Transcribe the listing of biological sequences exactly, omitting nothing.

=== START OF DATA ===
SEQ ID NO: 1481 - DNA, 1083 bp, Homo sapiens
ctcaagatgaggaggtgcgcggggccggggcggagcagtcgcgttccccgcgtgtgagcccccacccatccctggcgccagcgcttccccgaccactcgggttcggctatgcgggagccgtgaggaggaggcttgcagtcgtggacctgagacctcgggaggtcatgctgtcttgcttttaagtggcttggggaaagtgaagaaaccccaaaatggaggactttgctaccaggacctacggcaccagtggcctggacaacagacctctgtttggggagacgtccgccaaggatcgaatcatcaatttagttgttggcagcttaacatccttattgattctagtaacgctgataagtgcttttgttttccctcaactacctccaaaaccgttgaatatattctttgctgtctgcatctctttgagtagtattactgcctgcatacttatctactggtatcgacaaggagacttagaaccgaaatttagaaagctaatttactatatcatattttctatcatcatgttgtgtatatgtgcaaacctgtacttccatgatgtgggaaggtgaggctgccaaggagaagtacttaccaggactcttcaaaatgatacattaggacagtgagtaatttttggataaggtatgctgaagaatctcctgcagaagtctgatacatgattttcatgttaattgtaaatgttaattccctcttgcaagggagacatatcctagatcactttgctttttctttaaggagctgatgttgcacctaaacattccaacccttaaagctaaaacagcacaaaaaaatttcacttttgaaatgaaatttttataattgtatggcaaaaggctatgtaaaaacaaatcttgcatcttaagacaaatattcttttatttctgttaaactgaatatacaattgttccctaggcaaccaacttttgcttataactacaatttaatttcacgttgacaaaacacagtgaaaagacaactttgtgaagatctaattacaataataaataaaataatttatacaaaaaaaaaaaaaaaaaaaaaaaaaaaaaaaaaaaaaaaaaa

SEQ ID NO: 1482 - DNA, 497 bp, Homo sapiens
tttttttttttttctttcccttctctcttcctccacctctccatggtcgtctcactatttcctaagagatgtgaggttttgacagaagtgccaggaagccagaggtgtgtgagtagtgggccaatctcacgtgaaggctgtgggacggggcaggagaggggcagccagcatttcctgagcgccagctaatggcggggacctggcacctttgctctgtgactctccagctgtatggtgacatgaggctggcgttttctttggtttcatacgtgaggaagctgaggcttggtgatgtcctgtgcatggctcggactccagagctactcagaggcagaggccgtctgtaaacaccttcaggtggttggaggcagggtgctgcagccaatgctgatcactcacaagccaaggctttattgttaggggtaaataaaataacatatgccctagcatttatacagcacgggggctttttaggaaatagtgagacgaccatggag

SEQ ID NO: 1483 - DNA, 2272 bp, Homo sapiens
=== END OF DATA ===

SEQ ID NO: 1481 - DNA, 1083 bp, Homo sapiens
ctcaagatgaggaggtgcgcggggccggggcggagcagtcgcgttccccgcgtgtgagcccccacccatccctggcgccagcgcttccccgaccactcgggttcggctatgcgggagccgtgaggaggaggcttgcagtcgtggacctgagacctcgggaggtcatgctgtcttgcttttaagtggcttggggaaagtgaagaaaccccaaaatggaggactttgctaccaggacctacggcaccagtggcctggacaacagacctctgtttggggagacgtccgccaaggatcgaatcatcaatttagttgttggcagcttaacatccttattgattctagtaacgctgataagtgcttttgttttccctcaactacctccaaaaccgttgaatatattctttgctgtctgcatctctttgagtagtattactgcctgcatacttatctactggtatcgacaaggagacttagaaccgaaatttagaaagctaatttactatatcatattttctatcatcatgttgtgtatatgtgcaaacctgtacttccatgatgtgggaaggtgaggctgccaaggagaagtacttaccaggactcttcaaaatgatacattaggacagtgagtaatttttggataaggtatgctgaagaatctcctgcagaagtctgatacatgattttcatgttaattgtaaatgttaattccctcttgcaagggagacatatcctagatcactttgctttttctttaaggagctgatgttgcacctaaacattccaacccttaaagctaaaacagcacaaaaaaatttcacttttgaaatgaaatttttataattgtatggcaaaaggctatgtaaaaacaaatcttgcatcttaagacaaatattcttttatttctgttaaactgaatatacaattgttccctaggcaaccaacttttgcttataactacaatttaatttcacgttgacaaaacacagtgaaaagacaactttgtgaagatctaattacaataataaataaaataatttatacaaaaaaaaaaaaaaaaaaaaaaaaaaaaaaaaaaaaaaaaaa

SEQ ID NO: 1482 - DNA, 497 bp, Homo sapiens
tttttttttttttctttcccttctctcttcctccacctctccatggtcgtctcactatttcctaagagatgtgaggttttgacagaagtgccaggaagccagaggtgtgtgagtagtgggccaatctcacgtgaaggctgtgggacggggcaggagaggggcagccagcatttcctgagcgccagctaatggcggggacctggcacctttgctctgtgactctccagctgtatggtgacatgaggctggcgttttctttggtttcatacgtgaggaagctgaggcttggtgatgtcctgtgcatggctcggactccagagctactcagaggcagaggccgtctgtaaacaccttcaggtggttggaggcagggtgctgcagccaatgctgatcactcacaagccaaggctttattgttaggggtaaataaaataacatatgccctagcatttatacagcacgggggctttttaggaaatagtgagacgaccatggag

SEQ ID NO: 1483 - DNA, 2272 bp, Homo sapiens